The doleful stare of an 11-year-old boy aged beyond his years caught the eye of artist Patricia Kennedy-Zafred as she looked through the public domain images catalogued by the Library of Congress. The 1908 image by photographer Lewis W. Hine made her stop and wonder what someone so young had experienced to make him so serious.
“This particular quilt, Glimpse of Daylight: The Boys of the Mines, is an expression of a historical period in time, when children were a major part of the work force in the mines, factories, canneries and fields across America,” Kennedy-Zafred said. The boys who toiled in the mines worked long hours underground, never attending school beyond the first few grades.
“Often times, these boys were supporting other family members – mothers, younger siblings – after the injury or death of their father,” Kennedy-Zafred added. “During this time, there was no Social Security, no disability or insurance. If a child was injured or killed in the mine, it was easy enough to find a replacement, unfortunately.”
Kennedy-Zafred’s quilt is a good example of the types of quilts contained in the Schweinfurth Art Center’s latest exhibition, Quilts=Art=Quilts 2018. The show features art quilts, not the traditional bed quilts most people picture when they hear the word. Entries in the juried show feature portraits, geometric designs, bright colors, and more.
Art quilts grew out of the great quilt revival that dates back to the 1960s. The genre is
distinguished by an emphasis on original designs featuring color, pattern, shape, and line. Work can be abstract or representational. Many art quilts include hand dyed, painted, or printed fabrics along with elaborate hand or machine quilting.
Kennedy-Zafred takes extra steps in preparing her quilts because of their unique focus. She first conducts extensive research into the topic she has chosen, to locate background information and additional images to use. She then hand-dyes her fabrics, choosing colors to set the mood.
“The images are silkscreened onto the fabric; the language is added with photo transfer papers” she said. “My favorite part of the process is dyeing the fabric and the printing process. Both have sort of a magical quality.”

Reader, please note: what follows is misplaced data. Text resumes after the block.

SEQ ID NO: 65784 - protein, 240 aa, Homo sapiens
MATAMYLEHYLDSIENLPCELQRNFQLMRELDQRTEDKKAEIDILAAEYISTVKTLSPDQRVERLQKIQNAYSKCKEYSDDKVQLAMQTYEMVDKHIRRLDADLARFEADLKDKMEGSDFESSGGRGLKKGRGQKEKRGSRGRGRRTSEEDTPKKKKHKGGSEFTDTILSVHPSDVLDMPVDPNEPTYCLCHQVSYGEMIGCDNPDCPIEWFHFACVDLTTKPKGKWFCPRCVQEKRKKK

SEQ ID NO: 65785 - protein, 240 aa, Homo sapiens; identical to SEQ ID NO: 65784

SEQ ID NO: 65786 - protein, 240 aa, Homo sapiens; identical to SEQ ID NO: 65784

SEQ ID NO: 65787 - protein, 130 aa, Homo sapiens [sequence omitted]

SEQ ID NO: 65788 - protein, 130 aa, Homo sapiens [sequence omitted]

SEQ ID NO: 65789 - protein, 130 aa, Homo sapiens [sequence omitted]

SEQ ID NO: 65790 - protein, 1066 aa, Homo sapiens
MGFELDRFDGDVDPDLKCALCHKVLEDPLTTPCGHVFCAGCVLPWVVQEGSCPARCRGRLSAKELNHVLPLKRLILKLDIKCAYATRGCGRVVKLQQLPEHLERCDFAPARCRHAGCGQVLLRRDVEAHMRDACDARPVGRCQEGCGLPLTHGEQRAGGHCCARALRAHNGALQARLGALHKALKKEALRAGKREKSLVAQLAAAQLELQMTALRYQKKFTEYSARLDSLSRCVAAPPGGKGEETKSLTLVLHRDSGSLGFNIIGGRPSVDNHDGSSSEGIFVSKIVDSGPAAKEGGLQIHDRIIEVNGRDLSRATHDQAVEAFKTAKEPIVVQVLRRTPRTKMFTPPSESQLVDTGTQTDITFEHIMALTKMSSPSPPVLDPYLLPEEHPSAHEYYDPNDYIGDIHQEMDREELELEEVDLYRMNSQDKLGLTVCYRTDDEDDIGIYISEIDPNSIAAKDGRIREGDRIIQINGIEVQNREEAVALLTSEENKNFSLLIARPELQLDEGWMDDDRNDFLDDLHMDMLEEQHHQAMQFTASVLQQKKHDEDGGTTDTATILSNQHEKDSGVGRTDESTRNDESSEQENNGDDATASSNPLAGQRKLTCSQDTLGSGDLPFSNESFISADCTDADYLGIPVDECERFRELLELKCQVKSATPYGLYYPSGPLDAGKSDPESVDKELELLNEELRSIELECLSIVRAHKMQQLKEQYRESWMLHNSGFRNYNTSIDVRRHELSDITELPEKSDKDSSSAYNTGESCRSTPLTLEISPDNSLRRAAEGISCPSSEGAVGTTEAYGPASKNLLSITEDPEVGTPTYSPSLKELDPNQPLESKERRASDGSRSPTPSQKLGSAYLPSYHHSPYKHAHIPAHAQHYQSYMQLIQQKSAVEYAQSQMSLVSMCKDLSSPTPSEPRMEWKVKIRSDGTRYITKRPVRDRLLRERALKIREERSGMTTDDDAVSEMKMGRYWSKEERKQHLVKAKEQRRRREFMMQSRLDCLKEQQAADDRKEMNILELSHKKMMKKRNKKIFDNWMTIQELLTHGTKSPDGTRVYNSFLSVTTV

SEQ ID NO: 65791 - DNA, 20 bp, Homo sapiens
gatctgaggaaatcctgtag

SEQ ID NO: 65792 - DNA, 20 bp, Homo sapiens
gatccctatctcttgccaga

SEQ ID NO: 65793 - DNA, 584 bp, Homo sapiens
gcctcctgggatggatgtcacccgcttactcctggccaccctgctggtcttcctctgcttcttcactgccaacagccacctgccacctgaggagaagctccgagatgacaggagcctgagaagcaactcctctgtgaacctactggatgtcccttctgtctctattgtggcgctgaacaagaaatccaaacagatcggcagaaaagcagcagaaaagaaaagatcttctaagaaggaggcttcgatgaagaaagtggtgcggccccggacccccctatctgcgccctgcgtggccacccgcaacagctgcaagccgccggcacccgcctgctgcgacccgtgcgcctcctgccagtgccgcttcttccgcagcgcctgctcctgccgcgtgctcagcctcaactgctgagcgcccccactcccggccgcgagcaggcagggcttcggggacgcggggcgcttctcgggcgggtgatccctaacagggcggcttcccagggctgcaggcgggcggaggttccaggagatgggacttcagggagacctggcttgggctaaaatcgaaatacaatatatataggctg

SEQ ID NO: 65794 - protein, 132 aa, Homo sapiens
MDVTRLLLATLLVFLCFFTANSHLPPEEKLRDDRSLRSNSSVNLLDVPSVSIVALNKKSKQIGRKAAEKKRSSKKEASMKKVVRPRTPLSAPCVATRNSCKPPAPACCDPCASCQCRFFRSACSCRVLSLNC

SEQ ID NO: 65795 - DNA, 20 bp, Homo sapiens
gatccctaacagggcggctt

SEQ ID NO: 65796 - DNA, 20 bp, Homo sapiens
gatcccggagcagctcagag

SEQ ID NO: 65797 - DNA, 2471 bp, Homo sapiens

Kennedy-Zafred tends to work in series, noting that she has created several quilts on the topic of child labor. Other quilts focus on doffer boys from cotton mills, shuckers from canneries on the Atlantic coast and newsies from East Coast cities.
“Children in America today do not realize that their lives could have been so different,” she said. “These pieces have resonated particularly with students who have seen them during school tours.”
Kennedy-Zafred’s work has appeared in previous Quilts=Art=Quilts shows. She said she always considers entering her work because “it is a high caliber exhibition, presenting the work of well-known, innovative quilt artists from around the world. The jury panels are always impressive.
“In addition, the Schweinfurth Art Center is a beautiful venue, and presents the work in a professional, artistic format,” she continued. “The installation of QAQ is a cut above.”
Quilts=Art=Quilts will be on display from Oct. 27, 2018, through Jan. 6, 2019, at the Schweinfurth Art Center, 205 Genesee St., Auburn. A free opening reception will be 4 to 6 p.m. Saturday, Oct. 27, 2018. Admission to the show is $10 a person; free for members, participating artists, and children 12 and under.
Also on display from Nov. 2, 2018, through Jan. 6, 2019, is the Schweinfurth’s new Member Show, which features the creativity of 124 of the art center’s members. This show is included in the admission for Quilts=Art=Quilts.
When: Oct. 27, 2018, through Jan. 6, 2019
Where: Schweinfurth Art Center, 205 Genesee St., Auburn
Opening: Free reception will be 4 to 6 p.m. Saturday, Oct. 27, 2018
Hours: Art center is open 10 a.m. to 5 p.m. Tuesdays through Saturdays and 1 to 5 p.m. Sundays
Cost: $10 a person, which includes accompanying Member Show; free for members, participating artists, and children 12 and under